Sorry, was that headline a new low? Britney Spears bit the bullet this week and turned herself into a Los Angeles police station to be booked following her August hit-and-run peccadillo. The troubled pop tart is accused of hitting a parked car and then running away, hopefully not as fast as she could.
A spokesperson for the Los Angeles Police Department said: "She was fine, cooperative. She did her business and came out," which makes her sound rather like a particularly slow puppy.
MoneyExpert takes a look at Britney, as well as common driving offences and insurance news.
Crash test dummy
Hitting and running was not the only embarrassment in store for our favourite songstress. It seems that along with forgetting she could not park, the poor girl forgot she did not hold a valid Californian licence, leading to a second charge of driving without one. Britney, Britney, Britney. Tut.
Oops I made the headlines for doing something foolish again
Yet there could be another casualty littering the path of Britney’s recent behaviour. No, not her children, nor her little dog – whose name according to the lovely people at Celebrity Dog Watcher is London – but in fact, her insurance premiums.
Oh yes, past mishaps must be declared if her car insurance is to remain valid, which parked cars everywhere hope that it will be.
For ladies who enjoy their cars
Britney is now 25 and really ought to be enjoying the benefits of slightly more reasonable premiums. A recent study by the AA found that younger drivers are hit the hardest when it comes to costly cover. Over the last three months, the cost of third-party, fire and theft car insurance has rocketed by 3.57 per cent, bringing the average quoted premium to £1,042.41 – the highest ever amount.
This type of insurance is typically bought by younger drivers, reports the AA. It says increased premiums are "inevitable" thanks to rising costs brought about by personal injury claims and the recent flooding.
John Close, insurer relations director at AA Insurance, said the rise in cost reflected the level of accidents among young divers. "I support the Transport Select Committee’s proposal to increase to 18 the minimum age for holding a full driving licence. The AA also believes teaching a responsible attitude towards driving should be part of the national curriculum," he commented.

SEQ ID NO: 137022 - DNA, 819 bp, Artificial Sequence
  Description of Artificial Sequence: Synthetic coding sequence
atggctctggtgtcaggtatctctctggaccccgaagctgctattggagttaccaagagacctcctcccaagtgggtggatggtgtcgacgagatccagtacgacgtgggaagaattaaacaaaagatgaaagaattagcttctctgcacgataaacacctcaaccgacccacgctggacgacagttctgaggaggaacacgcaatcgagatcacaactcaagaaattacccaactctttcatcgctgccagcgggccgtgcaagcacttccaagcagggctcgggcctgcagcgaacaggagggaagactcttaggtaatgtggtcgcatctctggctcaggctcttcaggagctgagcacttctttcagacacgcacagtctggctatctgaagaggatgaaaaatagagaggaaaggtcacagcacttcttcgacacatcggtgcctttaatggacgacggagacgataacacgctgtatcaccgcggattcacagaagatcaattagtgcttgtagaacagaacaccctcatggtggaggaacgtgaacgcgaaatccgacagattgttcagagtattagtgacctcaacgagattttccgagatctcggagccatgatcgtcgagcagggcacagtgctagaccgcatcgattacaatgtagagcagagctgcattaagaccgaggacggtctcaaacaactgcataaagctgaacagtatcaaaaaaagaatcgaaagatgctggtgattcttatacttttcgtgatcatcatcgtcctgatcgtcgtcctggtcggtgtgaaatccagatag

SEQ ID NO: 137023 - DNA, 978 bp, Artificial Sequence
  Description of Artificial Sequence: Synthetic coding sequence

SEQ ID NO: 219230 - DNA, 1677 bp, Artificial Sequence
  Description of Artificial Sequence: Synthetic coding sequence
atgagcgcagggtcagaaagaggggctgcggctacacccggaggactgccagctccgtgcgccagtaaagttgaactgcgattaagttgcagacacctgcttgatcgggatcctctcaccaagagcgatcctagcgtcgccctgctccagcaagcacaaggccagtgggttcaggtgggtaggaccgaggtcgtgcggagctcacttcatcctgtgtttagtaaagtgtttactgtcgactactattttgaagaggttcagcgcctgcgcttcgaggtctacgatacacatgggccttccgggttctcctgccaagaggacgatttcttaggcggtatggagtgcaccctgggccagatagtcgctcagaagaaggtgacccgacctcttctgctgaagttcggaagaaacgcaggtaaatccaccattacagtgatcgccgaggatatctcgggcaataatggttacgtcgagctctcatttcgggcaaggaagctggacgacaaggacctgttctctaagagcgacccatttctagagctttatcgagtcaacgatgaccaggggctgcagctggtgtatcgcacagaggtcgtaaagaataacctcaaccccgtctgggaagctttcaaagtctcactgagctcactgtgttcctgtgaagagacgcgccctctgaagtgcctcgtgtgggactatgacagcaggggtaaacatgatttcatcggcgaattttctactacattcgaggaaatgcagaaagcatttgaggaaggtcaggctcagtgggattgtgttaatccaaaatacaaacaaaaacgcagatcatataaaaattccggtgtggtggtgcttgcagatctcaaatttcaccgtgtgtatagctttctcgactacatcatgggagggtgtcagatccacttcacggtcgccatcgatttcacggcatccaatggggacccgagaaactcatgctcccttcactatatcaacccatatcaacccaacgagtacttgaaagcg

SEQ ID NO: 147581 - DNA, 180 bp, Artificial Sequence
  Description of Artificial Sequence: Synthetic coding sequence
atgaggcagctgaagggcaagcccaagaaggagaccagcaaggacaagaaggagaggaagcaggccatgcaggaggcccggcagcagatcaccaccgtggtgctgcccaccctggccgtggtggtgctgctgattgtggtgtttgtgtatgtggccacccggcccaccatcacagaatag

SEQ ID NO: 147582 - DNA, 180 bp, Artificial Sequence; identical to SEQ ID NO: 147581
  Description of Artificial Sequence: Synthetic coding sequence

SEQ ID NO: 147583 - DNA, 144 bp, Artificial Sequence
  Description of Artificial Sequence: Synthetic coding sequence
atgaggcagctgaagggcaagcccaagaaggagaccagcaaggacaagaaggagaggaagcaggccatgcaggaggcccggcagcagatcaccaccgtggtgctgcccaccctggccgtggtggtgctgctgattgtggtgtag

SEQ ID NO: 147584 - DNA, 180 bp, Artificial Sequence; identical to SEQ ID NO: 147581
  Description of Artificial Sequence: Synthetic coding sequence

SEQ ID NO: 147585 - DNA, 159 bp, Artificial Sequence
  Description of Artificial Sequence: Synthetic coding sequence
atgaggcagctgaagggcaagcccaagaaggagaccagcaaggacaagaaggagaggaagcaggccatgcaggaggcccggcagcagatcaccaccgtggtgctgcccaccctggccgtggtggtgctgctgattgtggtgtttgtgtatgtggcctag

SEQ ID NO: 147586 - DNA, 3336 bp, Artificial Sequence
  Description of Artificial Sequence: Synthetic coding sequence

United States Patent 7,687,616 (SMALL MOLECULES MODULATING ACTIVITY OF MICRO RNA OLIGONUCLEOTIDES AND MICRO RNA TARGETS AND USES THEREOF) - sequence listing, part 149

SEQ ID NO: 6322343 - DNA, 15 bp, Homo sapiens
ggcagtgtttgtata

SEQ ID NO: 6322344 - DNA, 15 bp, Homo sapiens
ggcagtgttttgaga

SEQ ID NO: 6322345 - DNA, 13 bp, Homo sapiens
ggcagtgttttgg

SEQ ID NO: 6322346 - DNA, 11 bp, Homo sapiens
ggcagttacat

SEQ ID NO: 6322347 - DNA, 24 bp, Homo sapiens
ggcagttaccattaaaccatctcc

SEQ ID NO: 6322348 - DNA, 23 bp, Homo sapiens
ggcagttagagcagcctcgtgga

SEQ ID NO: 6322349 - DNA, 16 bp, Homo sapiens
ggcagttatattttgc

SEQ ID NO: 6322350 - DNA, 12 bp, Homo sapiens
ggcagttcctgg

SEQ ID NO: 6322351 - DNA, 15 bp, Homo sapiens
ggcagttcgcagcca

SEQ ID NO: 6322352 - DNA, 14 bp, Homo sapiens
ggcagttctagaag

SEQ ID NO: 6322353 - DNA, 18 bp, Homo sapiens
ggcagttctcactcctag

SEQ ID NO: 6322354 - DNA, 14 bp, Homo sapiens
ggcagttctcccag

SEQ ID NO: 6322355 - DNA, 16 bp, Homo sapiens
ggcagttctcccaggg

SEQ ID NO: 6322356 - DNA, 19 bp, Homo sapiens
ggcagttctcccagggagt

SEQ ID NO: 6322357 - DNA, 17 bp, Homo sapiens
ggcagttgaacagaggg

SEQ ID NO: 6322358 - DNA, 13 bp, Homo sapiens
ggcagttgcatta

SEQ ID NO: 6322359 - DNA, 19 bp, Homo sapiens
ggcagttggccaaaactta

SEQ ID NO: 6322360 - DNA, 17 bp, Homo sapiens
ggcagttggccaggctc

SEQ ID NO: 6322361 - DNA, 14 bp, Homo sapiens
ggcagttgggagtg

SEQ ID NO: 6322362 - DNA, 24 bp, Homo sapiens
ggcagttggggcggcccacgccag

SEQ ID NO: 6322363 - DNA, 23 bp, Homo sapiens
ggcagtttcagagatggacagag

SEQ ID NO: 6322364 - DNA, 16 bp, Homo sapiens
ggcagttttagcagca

Driving without due flair
Britney is not the only mum who could find herself with insurance issues. A recent study revealed "thousands" of parents and grandparents could be unintentionally breaking the law. Yes, even grannies!
Many loving relatives have sought to help out their newly-driving offspring but have actually unknowingly committed fraud which could raise their premiums and leave their younger drivers without cover. Research by Zurich Insurance found one in ten people had insured their child or grandchild’s car in their name and then added the real driver to the cover to lower premiums, a practice known in the business as "fronting".
Affronted insurers fight back
The Association of British Insurers (ABI) has warned that it is fighting back against all fraudulent claims, having revealed the resulting cost to the industry is around £1.6 billion, adding £40 a year to premiums paid by more honest customers.
Fronting families be wary, director of general insurance with the ABI Nick Starling has a stark warning for all fraudsters: "Insurance cheats are more likely to be caught than ever before. And cheats will pay a high price as future insurance and credit will be more expensive and harder to obtain."
Whether you are a pouting poplet or a driving diva, it is always worth hunting around the best possible deal on your car insurance. Research by Sainsbury’s Bank revealed one in five drivers only sought out one quote for their car insurance, despite more than a third reporting an increase in their premiums.
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